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  • Writer's pictureMark Childs, SIOR

Industrial Shines

Each person reading this has a different story to tell. For industrial space users, were you an essential business? Do you supply restaurants? Just right there your perspectives could be 180 degrees opposed. Regardless, both are trying to figure out how to produce and move product within the constraints of the virus protocol. However, compared to owning a restaurant or some other form of retail operator, you’re probably doing better than the vast majority of folks in other SIC codes.

Through all this calamity, industrial has been chugging along. Second Quarter net absorption (space leased minus space vacated) was at 1.2M SF, where historically we’ve tended to average around 3M SF absorption each year. Admittedly First Quarter absorption was a negative 200K SF, but a first half average of 1M SF is still stellar during these challenging times. I’ll get into why industrial continues to do well a little further in, but first I’ll share what I know (which is actually very little) about the other real estate categories.

Retail has been hit hard. In 2015, for the first time ever in the US people spent more in restaurants than in grocery stores. I thought we’d never go back, but we have. For restaurants and hospitality, it has been a blood bath. Stores have mostly been hit hard, although grocery and home improvement have been quite strong. There are going to be some major price adjustments in retail real estate, impacting current investors (and tax bases). Looking forward, once we get through the price adjustments, the economics should bring things back to normal. Historically, retail land values have been priced considerably higher than industrial, yet recently I had a retail broker argue that his retail property wasn’t worth what my nearby industrial listing was worth. To oversimplify, a restaurant can potentially survive serving half as many customers if their rent is cut in half, which halves the value of the real estate.

Office is up in the air. How many companies can continue to work virtually? How many folks will need or want to come back to the social environment of the office setting? How will the virus impact the number of people that can ride in an elevator, or fit into a conference or breakroom? There are many forces pushing future space estimates up and down, so no one knows for sure at this point. One conversation that is certainly occurring is that folks are less interested in riding a bus into a downtown that is boarded up. I don’t focus on office, but if I did, I’d be moving my focus to suburban product. There are many "hub and spoke" conversations occurring concerning downsizing urban locations and opening suburban locations. The real future challenge to urban cores is going to be once folks realize they can work from everywhere, why live anywhere in an expensive city….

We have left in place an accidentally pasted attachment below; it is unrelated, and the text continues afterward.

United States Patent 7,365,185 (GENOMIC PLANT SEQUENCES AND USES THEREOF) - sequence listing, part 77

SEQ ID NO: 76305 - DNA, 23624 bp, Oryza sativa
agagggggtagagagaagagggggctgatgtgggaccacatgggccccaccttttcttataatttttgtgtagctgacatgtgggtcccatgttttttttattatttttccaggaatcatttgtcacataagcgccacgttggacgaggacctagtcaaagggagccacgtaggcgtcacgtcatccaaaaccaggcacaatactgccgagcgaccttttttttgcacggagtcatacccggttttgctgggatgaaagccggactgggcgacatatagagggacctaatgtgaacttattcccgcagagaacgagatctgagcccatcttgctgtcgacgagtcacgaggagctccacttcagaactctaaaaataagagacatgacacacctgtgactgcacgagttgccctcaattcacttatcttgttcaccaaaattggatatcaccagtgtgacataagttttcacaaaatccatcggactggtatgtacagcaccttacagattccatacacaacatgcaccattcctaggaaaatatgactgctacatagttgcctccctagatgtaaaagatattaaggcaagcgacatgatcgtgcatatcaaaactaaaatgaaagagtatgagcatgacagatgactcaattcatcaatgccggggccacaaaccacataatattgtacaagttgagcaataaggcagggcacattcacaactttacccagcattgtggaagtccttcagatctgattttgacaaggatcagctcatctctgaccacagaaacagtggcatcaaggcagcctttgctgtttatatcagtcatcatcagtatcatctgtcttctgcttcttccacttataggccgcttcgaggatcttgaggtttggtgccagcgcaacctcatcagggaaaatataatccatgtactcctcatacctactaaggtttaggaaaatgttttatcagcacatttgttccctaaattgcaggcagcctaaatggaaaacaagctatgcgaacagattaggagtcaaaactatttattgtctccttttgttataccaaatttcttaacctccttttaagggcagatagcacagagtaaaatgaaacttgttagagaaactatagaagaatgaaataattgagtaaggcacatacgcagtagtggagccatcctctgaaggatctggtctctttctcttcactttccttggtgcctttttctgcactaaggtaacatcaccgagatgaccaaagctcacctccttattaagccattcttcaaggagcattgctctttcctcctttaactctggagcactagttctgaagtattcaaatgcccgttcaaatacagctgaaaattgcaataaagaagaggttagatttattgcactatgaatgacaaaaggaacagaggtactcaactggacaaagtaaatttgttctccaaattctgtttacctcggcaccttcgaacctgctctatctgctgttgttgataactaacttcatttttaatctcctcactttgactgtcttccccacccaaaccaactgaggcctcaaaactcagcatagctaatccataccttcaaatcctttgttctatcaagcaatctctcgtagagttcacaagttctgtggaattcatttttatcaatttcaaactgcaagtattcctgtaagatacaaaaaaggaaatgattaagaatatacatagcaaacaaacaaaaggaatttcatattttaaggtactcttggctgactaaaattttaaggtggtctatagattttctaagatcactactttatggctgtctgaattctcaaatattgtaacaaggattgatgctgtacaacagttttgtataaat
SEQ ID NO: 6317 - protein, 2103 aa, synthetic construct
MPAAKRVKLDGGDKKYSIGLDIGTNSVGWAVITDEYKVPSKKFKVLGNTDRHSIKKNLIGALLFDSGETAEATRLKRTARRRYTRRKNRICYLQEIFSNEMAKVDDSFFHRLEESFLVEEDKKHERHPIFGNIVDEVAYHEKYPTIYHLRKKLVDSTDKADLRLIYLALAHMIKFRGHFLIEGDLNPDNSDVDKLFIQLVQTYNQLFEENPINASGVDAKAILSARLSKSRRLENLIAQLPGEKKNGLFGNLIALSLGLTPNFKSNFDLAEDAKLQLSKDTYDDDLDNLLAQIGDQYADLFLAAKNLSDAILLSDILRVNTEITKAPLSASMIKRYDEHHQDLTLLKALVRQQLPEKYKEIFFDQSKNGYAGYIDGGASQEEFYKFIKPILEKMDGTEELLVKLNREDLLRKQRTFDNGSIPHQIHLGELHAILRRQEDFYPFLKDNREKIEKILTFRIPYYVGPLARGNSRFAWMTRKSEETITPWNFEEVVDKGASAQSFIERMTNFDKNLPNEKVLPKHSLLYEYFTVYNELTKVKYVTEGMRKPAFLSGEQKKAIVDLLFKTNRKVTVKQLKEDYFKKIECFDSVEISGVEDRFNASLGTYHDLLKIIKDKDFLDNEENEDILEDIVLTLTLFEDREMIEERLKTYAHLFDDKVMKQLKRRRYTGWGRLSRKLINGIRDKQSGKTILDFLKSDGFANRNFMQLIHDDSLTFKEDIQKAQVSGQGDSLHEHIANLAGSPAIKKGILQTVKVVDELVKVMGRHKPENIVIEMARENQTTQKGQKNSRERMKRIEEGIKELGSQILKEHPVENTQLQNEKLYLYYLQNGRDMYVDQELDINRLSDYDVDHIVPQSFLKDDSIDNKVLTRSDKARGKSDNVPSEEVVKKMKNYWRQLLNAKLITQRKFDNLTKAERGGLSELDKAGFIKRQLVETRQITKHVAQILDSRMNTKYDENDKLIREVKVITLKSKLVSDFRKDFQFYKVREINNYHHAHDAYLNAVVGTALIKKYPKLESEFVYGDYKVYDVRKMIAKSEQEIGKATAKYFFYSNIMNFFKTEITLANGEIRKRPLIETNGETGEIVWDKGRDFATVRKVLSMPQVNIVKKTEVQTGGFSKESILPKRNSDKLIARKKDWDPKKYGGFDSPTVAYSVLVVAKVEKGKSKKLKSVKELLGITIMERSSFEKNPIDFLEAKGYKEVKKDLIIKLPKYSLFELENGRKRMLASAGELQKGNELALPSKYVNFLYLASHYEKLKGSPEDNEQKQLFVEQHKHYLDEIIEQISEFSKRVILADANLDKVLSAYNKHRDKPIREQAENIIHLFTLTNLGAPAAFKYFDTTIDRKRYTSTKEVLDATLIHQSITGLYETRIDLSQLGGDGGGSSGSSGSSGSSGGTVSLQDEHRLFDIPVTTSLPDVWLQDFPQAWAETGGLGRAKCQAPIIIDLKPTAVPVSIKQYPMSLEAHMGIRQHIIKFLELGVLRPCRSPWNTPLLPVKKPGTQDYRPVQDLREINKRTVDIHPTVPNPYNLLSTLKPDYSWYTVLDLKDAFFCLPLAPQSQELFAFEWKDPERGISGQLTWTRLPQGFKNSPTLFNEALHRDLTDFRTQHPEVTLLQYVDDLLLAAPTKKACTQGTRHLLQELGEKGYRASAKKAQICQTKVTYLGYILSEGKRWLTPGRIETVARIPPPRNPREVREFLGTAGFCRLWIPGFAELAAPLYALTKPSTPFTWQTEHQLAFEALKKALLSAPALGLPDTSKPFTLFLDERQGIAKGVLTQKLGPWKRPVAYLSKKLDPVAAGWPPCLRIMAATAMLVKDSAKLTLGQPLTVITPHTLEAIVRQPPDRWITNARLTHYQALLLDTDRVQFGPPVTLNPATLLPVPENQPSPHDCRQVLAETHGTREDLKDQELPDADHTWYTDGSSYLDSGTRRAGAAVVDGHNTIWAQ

So, what makes industrial shine? Turns out the virus has simply accelerated global trends to the benefit of this product type.

  • As noted above, the "bricks to clicks" trend has been accelerated. People are getting more product directly from a warehouse, increasing the demand for industrial real estate in both the building and transportation categories.

  • We have come to realize we can’t have China making all of a product or ingredient. Sourcing must be redistributed around the globe and re-shored. Companies are starting to produce more products in the US.

  • Companies are realizing that no matter where they get the product, there can be interruptions in the supply chain, so keeping some buffer in the supply chain system is prudent.

  • If you want to compete with Amazon, you need to get the product to the customer faster. That means more small warehouses spread throughout the country. Bad for the Inland Empire (LA) or Atlanta, good for us folks tucked up here in the Northwest.

  • Demand has shifted. Companies are starting up face mask and sanitizer production facilities. Waste streams have been impacted. Change is good in real estate, including industrial.

As a result of the above demands, we are expecting lease rates to remain steady with maybe a little more in concessions. There will be some sublease opportunities, however they come with the risk of the sublessor going bankrupt, leaving you dealing with the Landlord at a location you’ve already moved into. Finding a quality industrial building will continue to be difficult, in part because industrial users continue to be strong, and in part because any investor looking for real estate is probably looking for industrial. You can learn more about the general Portland area industrial market in the following article in this blog.

At some point folks not paying rent is going to cause Landlords to miss debt payments, which is going to put pressure on banks, and could take us into a more serious situation. If we don’t get back to work eventually, everything is going to collapse. Sadly, I believe there is some politics behind this health issue. Hopefully, worst case, we will be through this virus by the middle of November. Assuming that is as bad as it gets, I believe the points made above will continue to drive Portland area industrial real estate forward and we should finish 2020 with more than 2M SF of net absorption. I’ll save the Presidential election for the next quarter.

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